You successfully added to your cart! You can either continue shopping, or checkout now if you'd like.
Note: If you'd like to continue shopping, you can always access your cart from the icon at the upper-right of every page.
In Jude 17-19 the author addresses his readers directly to admonish and exhort them to follow the truth and to reject the Gnostic teachings.
17 But you, brethren, ought to remember the words that were spoken beforehand by the apostles of our Lord Jesus Christ, 18 that they were saying to you, “In the last time there shall be mockers, following after their own ungodly lusts.” 19 These are the ones who cause divisions, worldly-minded, devoid of the Spirit.
Jude may have been referring to the Apostle Peter, who wrote in 2 Peter 3:1-3,
1 This is now, beloved, the second letter I am writing to you in which I am stirring up your sincere mind by way of reminder, 2 that you should remember the words spoken beforehand by the holy prophets and the commandment of the Lord and Savior spoken by your apostles. 3 Know this first of all, that in the last days mockers will come with their mocking, following after their own lusts.
Peter and Jude were the only New Testament authors to use the Greek term empaiktes, “mockers.” The word was used once also in the Septuagint rendering of Isaiah 3:4, 5,
4 And I will make youths their princes, and mockers [empaiktes] shall have dominion over them. 5 And the people shall fall, man upon man, and every man upon his neighbor; the child shall insult the elder man, and the base the honourable.
Here we learn that the Greek-speaking rabbis used empaiktes as the equivalent of the Hebrew word ta’aluwl, which pictures a child about to throw a tantrum in order to get his own way (i.e., a mini-tyrant). The prophet tells us that God’s judgment upon Israel for its lawlessness is that He will put such childish tyrants in positions of authority over them. They will not be ruled by those having spiritual maturity and love but by those who demand that others serve them and give them everything that their capricious hearts desire (or “their own ungodly lusts”).
When such children throw tantrums, they are quite serious about getting their own way. They are not “mocking” anyone. But Isaiah’s use of the term t’aluwl (or empaiktes) suggests that he was mocking the mockers—using irony—by telling them that their leaders would act like little childish tyrants.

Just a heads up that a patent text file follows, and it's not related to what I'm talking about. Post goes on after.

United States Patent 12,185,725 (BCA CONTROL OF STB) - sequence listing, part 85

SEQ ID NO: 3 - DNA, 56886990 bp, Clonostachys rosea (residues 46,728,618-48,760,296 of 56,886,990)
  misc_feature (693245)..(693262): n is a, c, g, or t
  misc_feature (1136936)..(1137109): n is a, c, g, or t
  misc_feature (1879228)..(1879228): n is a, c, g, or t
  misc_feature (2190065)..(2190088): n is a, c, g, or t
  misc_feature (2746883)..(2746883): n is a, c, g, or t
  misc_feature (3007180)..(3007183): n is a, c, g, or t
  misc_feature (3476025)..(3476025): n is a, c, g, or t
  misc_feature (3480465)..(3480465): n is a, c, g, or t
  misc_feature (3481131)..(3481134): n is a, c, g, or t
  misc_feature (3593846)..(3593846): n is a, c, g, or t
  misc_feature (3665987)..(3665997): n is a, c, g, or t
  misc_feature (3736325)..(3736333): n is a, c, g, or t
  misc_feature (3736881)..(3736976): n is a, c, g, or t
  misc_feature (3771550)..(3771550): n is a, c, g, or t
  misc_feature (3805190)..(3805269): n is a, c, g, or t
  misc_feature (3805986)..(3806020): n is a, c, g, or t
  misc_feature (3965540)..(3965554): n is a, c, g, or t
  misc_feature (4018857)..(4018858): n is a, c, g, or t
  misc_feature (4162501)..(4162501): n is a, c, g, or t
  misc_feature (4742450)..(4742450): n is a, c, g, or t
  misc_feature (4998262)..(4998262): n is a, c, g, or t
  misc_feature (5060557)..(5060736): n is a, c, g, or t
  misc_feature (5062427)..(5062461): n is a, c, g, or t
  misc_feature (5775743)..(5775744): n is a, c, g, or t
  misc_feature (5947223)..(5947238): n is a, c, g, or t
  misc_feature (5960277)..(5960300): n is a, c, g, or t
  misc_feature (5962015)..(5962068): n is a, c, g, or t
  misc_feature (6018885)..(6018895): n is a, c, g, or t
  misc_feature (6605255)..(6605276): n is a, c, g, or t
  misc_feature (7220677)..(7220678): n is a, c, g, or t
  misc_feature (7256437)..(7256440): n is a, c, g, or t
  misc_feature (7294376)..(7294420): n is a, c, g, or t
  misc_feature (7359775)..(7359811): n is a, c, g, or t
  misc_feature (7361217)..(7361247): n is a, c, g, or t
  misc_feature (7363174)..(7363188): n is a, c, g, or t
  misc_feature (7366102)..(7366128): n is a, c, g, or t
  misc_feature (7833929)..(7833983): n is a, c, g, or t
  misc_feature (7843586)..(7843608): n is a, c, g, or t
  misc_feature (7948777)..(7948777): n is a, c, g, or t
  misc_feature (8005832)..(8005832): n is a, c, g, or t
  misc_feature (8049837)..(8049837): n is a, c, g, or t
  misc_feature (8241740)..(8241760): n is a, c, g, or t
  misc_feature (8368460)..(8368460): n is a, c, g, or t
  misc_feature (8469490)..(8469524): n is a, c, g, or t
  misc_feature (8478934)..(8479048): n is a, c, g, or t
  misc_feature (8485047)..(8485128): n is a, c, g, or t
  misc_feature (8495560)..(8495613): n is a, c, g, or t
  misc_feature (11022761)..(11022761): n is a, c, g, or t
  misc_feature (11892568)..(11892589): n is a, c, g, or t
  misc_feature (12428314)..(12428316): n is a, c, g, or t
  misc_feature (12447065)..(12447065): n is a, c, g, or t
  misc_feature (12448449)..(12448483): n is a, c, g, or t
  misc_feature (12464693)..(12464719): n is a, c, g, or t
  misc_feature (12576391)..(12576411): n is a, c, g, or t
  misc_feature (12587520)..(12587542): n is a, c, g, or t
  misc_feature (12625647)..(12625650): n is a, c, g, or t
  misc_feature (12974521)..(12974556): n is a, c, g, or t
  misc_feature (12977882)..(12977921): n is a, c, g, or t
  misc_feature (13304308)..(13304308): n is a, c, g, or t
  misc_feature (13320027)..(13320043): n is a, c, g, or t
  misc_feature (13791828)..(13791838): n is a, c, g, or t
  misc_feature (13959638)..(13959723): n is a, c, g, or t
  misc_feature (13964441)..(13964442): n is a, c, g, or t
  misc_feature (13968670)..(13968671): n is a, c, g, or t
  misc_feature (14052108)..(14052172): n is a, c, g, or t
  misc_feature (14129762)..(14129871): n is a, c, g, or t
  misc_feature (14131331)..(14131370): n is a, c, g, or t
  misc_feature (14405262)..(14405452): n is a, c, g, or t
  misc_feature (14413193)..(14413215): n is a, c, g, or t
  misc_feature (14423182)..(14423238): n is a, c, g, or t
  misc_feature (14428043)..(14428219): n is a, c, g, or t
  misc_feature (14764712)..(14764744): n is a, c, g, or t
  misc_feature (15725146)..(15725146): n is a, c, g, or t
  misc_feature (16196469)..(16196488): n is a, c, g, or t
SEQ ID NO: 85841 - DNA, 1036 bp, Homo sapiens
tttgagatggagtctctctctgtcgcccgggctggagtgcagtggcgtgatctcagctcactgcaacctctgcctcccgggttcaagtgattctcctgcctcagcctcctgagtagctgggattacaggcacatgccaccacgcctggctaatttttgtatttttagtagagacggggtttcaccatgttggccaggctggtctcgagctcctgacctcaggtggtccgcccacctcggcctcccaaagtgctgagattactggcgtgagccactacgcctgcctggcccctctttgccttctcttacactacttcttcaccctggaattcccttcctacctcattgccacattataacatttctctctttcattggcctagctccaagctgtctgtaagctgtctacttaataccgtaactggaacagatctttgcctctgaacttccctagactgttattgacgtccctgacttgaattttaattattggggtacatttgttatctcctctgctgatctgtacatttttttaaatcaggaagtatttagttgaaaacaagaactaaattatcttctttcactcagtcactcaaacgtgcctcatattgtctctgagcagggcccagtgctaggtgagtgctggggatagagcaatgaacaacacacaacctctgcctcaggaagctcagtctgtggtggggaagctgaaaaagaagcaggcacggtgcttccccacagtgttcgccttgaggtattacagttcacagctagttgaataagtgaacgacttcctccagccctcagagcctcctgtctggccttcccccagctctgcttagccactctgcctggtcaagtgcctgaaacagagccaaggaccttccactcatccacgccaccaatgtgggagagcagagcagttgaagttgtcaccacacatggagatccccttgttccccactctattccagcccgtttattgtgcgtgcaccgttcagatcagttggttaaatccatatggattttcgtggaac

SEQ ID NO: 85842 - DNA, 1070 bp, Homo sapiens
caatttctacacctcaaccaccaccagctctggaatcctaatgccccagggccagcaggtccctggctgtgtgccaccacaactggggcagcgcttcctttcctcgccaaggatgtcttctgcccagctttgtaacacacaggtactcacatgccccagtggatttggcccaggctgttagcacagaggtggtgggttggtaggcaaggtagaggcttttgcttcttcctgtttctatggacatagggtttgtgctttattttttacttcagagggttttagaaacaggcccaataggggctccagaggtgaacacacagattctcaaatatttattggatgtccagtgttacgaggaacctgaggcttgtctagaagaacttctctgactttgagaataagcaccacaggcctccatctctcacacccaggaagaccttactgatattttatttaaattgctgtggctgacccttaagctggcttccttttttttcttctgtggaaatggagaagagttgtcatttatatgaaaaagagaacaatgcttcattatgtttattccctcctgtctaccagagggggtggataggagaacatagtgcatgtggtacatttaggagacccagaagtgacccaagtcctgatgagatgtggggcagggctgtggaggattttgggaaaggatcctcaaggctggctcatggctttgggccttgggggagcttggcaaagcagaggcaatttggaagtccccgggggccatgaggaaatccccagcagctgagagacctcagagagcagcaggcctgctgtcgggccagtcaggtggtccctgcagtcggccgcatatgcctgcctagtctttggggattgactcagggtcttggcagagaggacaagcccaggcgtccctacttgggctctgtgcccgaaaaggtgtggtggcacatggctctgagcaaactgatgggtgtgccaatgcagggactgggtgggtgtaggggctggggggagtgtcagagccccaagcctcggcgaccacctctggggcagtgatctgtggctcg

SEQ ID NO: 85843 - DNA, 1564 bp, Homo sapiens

Perhaps this is the prophet that Peter was referencing when he wrote about “the words spoken beforehand by the holy prophets.” Jude omits any reference to the prophets but appeals to the apostles (i.e., Peter).
Jude himself mocks the mockers in Jude 19, for the Gnostics considered themselves to be very spiritual, but Jude says that they are “devoid of the Spirit.” The lawless Gnostics did not follow “the law of God” but “the law of sin” (Rom. 7:25; 8:2). Thinking themselves to be superior to the laws of God, they had cast aside restraint and had sanctified licentiousness, following the example of the other mystery religions of the day.
When Jude calls them “worldly-minded” in Jude 19, the Greek word is psychikos, “soulish.” It is the word used by Paul in 1 Cor. 2:14 describing “a natural man,” in contrast to “he who is spiritual” (1 Cor. 2:15). When men follow the desires of the soul, they are acting according to their Adamic nature, for Adam was made a living soul (1 Cor. 15:45). Such people identify with the soulish identity (“man”) that they received from their earthly parents.
By contrast, those who have been begotten by God have transferred their identity from the soul to the spirit—which is the “new man,” or new self. These are no longer the sons of Adam but the sons of God, and hence they are led by their spirit, which in turn is saturated by the Holy Spirit.
Jude tells us that the Gnostics were psychikos, “soulish,” because they had not been begotten by the Holy Spirit. Their claim to spirituality was merely an attempt to make the soul spiritual. But the soul was already condemned to death at the time that Adam sinned, and it will never be an inheritor of the Kingdom. Paul says that “flesh and blood cannot inherit the kingdom of God, nor does the perishable inherit the imperishable” (1 Cor. 15:50).
Jude continues in Jude 20 and 21,
20 But you, beloved, building yourselves up on your most holy faith; praying in the Holy Spirit; 21 keep yourselves in the love of God, waiting anxiously for the mercy of our Lord Jesus Christ to eternal life.
Jude exhorts the true believers to continue to build up their strength and grow spiritually. That holy seed which has been begotten by God is yet an embryo that must grow and mature until it is able to be brought fully to birth as a manifested son of God, visible to the world. When Jude speaks of “your most holy faith, praying in the Holy Spirit,” he uses the metaphor of the temple. The “most holy faith” is the level of faith that corresponds to the Most Holy Place in the temple, where the Holy Spirit resides between the cherubim.